A Democratic Progressive Party (DPP) legislator yesterday warned of a growing threat of Chinese infiltration, citing a 60-fold jump in the number of Chinese visitors entering Taiwan using altered or falsified documents.
DPP Legislator Chen Chi-mai (陳其邁) said that based on the National Immigration Agency’s records, the number of Chinese entering Taiwan using altered and falsified documents rose from nine in 2012 to 76 last year and further to 535 in the first half of this year.
Chen said the increase in Chinese criminal activity could be an attempt to swing November’s seven-in-one elections in favor of the Chinese Nationalist Party (KMT).
Identification documents modified or changed included proof of work and bank savings attestations, the agency’s records show.
Chen said that Taiwan has strict limits on the number of Chinese citizens from select cities that can apply for entry as free independent travelers (FIT) in Taiwan; the rest have to show documents to prove that they are either businesspeople, professionals or people seeking aesthetic medical services.
However, with the elections scheduled this year, there has been an explosion in the number of falsified documents, Chen said, adding that this suggested that the Beijing government was systematically trying to get as many people as possible into Taiwan through the loopholes.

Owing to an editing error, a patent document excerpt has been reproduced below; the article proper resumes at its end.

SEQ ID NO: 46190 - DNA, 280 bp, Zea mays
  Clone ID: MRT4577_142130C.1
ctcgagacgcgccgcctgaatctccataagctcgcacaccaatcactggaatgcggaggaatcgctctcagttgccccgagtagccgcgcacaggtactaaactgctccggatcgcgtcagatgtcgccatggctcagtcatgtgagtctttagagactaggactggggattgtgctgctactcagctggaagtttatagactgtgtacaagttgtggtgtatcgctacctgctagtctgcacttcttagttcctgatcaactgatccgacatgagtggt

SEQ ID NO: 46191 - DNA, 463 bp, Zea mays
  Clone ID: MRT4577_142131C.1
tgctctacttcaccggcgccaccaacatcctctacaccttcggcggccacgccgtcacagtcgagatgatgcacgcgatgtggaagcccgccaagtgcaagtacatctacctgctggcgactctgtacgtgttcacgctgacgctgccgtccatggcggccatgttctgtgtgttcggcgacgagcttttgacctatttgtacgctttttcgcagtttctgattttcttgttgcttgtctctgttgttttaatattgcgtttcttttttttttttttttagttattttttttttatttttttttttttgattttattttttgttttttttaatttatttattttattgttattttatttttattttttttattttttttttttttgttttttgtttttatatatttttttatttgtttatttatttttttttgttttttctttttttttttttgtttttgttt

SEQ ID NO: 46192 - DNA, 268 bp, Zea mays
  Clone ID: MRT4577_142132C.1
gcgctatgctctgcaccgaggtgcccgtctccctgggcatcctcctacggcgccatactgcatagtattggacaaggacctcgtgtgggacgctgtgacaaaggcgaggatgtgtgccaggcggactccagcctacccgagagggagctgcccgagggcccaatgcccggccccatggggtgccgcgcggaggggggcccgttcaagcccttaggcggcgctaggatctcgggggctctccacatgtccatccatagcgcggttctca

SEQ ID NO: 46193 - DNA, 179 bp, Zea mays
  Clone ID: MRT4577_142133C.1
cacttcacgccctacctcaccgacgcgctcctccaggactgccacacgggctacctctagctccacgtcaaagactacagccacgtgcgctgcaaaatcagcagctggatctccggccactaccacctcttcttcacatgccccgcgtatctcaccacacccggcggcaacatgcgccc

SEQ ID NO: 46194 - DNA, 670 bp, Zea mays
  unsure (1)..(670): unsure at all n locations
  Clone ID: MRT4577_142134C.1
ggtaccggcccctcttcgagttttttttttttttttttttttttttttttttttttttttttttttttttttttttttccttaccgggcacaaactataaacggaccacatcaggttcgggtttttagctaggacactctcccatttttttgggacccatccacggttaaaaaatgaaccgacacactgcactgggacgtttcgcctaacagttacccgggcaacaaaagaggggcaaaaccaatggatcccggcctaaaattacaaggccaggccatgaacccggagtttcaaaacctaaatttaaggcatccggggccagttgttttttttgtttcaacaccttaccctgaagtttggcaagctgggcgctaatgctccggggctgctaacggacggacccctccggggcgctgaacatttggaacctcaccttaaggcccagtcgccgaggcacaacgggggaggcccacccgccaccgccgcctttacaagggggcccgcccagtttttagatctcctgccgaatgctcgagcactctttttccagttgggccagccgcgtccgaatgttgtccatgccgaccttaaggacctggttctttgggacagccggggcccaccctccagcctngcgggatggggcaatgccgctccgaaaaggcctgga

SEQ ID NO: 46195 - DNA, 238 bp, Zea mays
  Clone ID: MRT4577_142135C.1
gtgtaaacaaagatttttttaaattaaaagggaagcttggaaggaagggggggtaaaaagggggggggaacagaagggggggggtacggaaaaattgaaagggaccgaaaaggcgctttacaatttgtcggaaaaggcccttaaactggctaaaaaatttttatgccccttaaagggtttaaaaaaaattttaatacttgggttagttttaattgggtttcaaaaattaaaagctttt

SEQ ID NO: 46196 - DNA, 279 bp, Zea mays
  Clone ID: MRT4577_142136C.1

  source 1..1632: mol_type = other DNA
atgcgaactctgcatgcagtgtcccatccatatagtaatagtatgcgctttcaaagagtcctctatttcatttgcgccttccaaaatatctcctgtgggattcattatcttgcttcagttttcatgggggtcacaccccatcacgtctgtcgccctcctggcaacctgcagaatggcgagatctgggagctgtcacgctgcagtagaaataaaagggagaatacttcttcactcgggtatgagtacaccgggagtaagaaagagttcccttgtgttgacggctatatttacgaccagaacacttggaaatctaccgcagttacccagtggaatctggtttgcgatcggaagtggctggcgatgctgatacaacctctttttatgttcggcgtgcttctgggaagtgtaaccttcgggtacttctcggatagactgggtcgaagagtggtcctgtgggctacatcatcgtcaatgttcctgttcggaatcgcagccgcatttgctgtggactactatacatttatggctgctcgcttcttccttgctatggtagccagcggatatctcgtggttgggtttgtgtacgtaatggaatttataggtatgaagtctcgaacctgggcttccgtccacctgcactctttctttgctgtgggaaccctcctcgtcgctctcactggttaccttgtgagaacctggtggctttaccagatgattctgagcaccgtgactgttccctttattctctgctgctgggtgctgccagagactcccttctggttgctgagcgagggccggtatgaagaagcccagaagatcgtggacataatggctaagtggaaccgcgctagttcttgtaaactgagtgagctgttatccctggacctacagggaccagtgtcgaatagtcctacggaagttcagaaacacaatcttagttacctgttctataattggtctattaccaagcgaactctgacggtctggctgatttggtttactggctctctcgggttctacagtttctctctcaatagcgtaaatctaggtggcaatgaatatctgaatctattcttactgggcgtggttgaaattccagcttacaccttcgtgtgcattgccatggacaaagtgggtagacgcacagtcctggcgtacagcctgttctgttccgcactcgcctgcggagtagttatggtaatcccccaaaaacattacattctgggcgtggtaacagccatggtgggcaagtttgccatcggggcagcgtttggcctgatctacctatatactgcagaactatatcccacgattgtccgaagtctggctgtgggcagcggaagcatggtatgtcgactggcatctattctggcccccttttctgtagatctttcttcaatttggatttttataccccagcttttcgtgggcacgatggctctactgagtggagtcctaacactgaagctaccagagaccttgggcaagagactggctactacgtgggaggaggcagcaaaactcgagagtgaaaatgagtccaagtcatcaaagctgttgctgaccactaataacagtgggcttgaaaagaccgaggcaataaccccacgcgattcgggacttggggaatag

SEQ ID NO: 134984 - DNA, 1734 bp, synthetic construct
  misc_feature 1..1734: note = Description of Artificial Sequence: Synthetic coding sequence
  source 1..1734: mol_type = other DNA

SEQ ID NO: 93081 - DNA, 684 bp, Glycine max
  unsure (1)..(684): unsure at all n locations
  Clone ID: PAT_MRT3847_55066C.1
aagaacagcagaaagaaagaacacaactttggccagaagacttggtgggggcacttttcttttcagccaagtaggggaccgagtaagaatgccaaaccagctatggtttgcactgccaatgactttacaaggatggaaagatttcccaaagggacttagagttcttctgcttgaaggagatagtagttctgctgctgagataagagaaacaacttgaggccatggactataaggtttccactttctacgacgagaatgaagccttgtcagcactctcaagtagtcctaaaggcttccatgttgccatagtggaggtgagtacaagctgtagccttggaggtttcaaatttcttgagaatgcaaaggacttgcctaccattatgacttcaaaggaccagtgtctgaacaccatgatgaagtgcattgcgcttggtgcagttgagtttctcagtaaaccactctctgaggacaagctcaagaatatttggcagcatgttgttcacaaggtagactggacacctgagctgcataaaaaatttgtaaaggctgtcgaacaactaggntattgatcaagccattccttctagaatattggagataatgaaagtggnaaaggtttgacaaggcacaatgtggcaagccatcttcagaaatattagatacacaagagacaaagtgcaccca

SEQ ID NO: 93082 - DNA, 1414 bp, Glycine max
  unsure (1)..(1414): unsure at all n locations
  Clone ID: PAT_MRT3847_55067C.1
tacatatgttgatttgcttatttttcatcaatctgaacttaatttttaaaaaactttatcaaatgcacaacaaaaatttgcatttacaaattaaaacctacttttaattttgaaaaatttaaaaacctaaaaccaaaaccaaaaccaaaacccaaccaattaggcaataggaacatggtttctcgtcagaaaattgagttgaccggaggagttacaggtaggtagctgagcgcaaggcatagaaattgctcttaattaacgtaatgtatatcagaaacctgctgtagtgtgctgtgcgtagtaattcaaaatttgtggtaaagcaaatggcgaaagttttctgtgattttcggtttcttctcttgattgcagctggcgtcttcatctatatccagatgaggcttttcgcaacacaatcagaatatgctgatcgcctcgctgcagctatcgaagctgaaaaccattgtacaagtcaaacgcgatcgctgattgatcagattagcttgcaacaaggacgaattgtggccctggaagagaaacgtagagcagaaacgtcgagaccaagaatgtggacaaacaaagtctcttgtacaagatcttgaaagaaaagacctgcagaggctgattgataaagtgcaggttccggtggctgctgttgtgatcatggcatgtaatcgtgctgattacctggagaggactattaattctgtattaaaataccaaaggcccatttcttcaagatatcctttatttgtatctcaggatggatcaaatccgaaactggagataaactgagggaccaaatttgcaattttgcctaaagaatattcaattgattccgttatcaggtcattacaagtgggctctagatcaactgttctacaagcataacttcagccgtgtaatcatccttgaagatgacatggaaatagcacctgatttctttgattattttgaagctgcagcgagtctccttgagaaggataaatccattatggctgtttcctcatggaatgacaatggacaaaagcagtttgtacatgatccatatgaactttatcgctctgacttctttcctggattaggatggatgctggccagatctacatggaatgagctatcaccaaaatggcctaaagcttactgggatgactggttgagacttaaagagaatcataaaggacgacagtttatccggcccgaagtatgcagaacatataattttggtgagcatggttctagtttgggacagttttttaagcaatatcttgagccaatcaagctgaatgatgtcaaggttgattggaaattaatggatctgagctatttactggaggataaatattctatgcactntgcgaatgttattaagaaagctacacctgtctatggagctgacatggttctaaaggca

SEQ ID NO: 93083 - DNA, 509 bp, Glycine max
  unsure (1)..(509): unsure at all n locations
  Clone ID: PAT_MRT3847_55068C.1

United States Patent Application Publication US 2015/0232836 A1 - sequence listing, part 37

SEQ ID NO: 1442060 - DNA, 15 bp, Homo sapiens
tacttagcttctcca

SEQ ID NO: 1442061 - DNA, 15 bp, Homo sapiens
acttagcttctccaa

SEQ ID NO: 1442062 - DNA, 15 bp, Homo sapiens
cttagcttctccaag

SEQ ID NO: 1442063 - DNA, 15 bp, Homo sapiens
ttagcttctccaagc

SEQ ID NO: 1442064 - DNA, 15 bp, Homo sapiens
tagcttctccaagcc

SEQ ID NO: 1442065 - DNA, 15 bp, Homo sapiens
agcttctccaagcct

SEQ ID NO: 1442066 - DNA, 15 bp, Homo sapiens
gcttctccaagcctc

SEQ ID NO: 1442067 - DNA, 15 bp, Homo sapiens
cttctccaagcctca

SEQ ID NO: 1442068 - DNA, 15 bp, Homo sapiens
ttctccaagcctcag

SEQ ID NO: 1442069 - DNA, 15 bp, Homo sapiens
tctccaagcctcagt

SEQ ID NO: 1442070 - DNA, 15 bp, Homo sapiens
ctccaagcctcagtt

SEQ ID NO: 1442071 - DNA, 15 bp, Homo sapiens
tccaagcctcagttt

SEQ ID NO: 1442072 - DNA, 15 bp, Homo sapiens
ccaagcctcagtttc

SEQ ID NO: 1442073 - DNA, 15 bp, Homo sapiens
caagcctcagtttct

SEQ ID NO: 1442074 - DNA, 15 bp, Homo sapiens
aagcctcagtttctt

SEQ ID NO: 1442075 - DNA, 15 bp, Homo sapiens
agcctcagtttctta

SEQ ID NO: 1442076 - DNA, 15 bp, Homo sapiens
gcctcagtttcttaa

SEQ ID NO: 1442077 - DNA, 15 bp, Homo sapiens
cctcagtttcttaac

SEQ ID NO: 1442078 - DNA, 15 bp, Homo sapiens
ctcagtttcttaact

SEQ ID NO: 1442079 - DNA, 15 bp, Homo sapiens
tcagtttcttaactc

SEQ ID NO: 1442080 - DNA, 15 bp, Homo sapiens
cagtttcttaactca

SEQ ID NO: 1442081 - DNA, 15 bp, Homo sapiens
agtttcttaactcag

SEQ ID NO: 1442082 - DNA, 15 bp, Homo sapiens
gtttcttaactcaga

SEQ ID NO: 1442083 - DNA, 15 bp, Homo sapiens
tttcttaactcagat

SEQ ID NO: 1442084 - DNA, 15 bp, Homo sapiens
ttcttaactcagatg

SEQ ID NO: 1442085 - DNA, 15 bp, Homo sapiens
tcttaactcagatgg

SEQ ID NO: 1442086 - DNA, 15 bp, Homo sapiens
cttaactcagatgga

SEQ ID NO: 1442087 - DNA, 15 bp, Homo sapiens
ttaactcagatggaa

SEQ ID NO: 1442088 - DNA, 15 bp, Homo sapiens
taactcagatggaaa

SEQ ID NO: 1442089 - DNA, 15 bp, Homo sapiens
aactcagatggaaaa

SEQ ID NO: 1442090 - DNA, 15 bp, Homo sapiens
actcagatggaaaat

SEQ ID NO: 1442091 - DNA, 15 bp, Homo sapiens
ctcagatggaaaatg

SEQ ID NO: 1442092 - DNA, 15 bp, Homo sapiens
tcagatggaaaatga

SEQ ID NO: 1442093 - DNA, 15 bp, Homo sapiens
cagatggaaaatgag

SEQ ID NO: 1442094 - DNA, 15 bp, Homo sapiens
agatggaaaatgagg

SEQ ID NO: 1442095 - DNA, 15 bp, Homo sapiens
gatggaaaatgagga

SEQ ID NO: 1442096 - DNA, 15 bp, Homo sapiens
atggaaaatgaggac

Chen added that the agency records showed that there were 2,362 Chinese citizens who had overstayed their visas, but only 49 were arrested. Moreover, a notice on the agency’s Web site showed that it could not find 306 Chinese citizens who had disappeared.
The discrepancy in numbers and the low number of arrests suggest dereliction of duty on the part of the agency, Chen said.
Several agency officials have been arrested recently for allegedly helping foreign women arriving in Taiwan under arranged marriages to find employment at a massage shop in New Taipei City, he added.
Chen called on national security agencies to investigate the matter.
He added that National Security Council Secretary-General King Pu-tsung (金溥聰) should focus on this issue, instead of using intelligence agencies to spy on rival political parties, or over-reaching his authority with his visits to agencies such as the Investigation Bureau, the National Police Agency, the National Immigration Agency, the Coast Guard Administration and the military police.
In response, the NIA said it had convened agency officials earlier this year to investigate the surge in the number of cases involving falsified and altered identification documents, and found the source to be “certain groups” operating on both sides of the Taiwan Strait.
The groups have found this to be a lucrative business and have set up networks on both sides of the Strait to facilitate the dispersal of falsified documents among Chinese who visit Taiwan as businesspeople, professionals or people seeking aesthetic medical services, the agency said.
These visitors had come here posing as tourists while engaging in activities that were not within the purview of their visas, the agency said.
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